5. A motor vehicle brake apparatus comprising a supporting member to be pivotally mounted on a vehicle on an axi transversely of the vehicle and to extend rear- Wardly from the axis, a retractable holder normally holding said supporting member against pivoting down to a roadbed, a gun carried by said supporting member and directed downwardly, an anchor member within said gun and propellable therefrom into a roadbed, a brake member operatively connected to said anchor member, a hammer operable to fire said gun and carried by said supporting member adjacent the rear end thereof, a trigger carried by said supporting member and actuated by impact with a roadbed following release of supporting member by said holder, a control member manually activated to retract said holder, and a movable stop member interposed between and spacing said holder and said trigger apart and releasable by said holder.
6. A motor vehicle brake apparatus comprising a supporting member pivotally mountable on the vehicle and having one end swingable downwardly toward a roadbed, a releasable holder normally holding said supporting member in a raised position, manually controlled means operable to release said holder, an anchor member carried by said supporting member, means operable to propel said anchor member into a roadbed, a trigger member controlling said propelling means and operated by impact with the roadbed following release of said supporting member by said holder, a reel mounted on said supporting member, a metal connecting strip wound on said reel and having one end attached to said anchor member, and yieldable means opposing rotation of said reel in a direction unwinding said metal connecting strip.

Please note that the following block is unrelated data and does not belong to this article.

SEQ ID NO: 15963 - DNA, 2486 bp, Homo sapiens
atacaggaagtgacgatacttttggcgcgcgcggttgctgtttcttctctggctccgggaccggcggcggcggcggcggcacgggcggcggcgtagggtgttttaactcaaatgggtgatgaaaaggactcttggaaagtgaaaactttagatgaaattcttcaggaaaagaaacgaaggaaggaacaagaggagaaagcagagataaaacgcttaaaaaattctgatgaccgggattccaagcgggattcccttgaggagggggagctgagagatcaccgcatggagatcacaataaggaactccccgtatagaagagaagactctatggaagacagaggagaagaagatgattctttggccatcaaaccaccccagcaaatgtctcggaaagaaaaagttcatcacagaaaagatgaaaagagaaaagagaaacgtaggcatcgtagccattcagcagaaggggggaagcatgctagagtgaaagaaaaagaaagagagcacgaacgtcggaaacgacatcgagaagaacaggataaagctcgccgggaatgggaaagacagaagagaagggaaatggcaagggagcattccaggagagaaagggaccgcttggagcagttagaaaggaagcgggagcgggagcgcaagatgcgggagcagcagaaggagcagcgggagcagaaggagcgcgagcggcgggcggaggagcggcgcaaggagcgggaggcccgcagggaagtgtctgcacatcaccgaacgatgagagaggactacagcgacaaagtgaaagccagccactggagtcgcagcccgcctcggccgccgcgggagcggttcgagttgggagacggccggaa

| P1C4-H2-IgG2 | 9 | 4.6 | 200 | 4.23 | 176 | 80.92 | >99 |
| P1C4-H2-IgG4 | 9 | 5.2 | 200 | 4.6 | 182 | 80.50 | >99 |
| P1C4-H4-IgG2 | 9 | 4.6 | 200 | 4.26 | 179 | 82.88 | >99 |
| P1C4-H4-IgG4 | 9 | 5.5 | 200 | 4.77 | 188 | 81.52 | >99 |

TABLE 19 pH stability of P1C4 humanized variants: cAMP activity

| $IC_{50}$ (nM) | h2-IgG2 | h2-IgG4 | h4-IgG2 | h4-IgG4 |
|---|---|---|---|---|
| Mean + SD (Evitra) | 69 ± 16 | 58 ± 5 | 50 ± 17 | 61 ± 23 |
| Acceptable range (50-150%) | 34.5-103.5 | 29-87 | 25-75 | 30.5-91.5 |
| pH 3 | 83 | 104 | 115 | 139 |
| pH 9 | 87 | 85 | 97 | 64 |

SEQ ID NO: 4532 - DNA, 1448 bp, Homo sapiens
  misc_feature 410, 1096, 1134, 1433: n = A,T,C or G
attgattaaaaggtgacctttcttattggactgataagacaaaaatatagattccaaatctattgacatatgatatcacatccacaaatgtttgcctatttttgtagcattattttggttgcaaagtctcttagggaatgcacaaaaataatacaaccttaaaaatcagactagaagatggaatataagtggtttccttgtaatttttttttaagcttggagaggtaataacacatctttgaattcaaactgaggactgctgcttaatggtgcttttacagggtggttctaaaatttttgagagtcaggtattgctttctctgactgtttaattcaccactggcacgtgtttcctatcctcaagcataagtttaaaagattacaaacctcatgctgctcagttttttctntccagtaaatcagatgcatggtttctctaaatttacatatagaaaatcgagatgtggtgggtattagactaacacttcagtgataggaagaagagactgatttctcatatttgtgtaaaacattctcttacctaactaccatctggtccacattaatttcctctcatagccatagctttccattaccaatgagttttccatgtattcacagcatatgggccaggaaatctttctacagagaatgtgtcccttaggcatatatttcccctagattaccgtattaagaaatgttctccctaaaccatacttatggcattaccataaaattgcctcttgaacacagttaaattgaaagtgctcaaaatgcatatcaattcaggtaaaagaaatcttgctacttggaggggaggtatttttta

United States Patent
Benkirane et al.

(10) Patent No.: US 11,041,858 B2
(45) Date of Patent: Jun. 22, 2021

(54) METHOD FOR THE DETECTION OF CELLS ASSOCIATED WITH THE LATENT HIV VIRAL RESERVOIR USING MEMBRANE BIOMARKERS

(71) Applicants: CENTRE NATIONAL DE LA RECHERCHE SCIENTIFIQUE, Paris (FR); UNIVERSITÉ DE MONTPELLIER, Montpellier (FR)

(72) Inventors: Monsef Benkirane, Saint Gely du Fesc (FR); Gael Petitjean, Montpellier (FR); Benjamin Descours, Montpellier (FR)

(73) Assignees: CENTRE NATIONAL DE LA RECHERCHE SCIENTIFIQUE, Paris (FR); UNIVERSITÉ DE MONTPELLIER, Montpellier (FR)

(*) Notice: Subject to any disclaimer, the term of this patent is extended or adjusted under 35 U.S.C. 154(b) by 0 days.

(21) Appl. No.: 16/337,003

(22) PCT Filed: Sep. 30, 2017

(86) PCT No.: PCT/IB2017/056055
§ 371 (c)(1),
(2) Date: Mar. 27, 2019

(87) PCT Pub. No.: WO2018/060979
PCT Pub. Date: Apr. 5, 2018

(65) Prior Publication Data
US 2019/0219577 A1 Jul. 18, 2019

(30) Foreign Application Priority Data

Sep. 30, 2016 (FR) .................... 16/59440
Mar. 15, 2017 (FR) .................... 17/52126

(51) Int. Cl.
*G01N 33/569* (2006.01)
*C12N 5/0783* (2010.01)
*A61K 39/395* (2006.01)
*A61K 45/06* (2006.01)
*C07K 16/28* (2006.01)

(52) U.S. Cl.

References Cited by the Examiner FOREIGN PATENTS 564,630 6/1957 Italy.
DUANE A. REGER, Primary Examiner.
|Cited Patent||Filing date||Publication date||Applicant||Title|
|IT564630B *||Title not available|
|Citing Patent||Filing date||Publication date||Applicant||Title|
|US4042251 *||Jul 19, 1976||Aug 16, 1977||Rutan Clifford S||Safety device for lawn mowers|
|US5638923 *||Oct 5, 1995||Jun 17, 1997||Liu; Juntain||Snow brake system for vehicles|
|US6220397 *||Jun 7, 1999||Apr 24, 2001||Lim Hwee Beng||Anti ice skidding apparatus|
|US7213687 *||Sep 29, 2003||May 8, 2007||Advics Co., Ltd.||Emergency braking apparatus for vehicle|
|US20050162012 *||Sep 29, 2003||Jul 28, 2005||Moriharu Sakai||Emergency braking apparatus for vehicle|
|International Classification||B60T1/14, B60T1/00|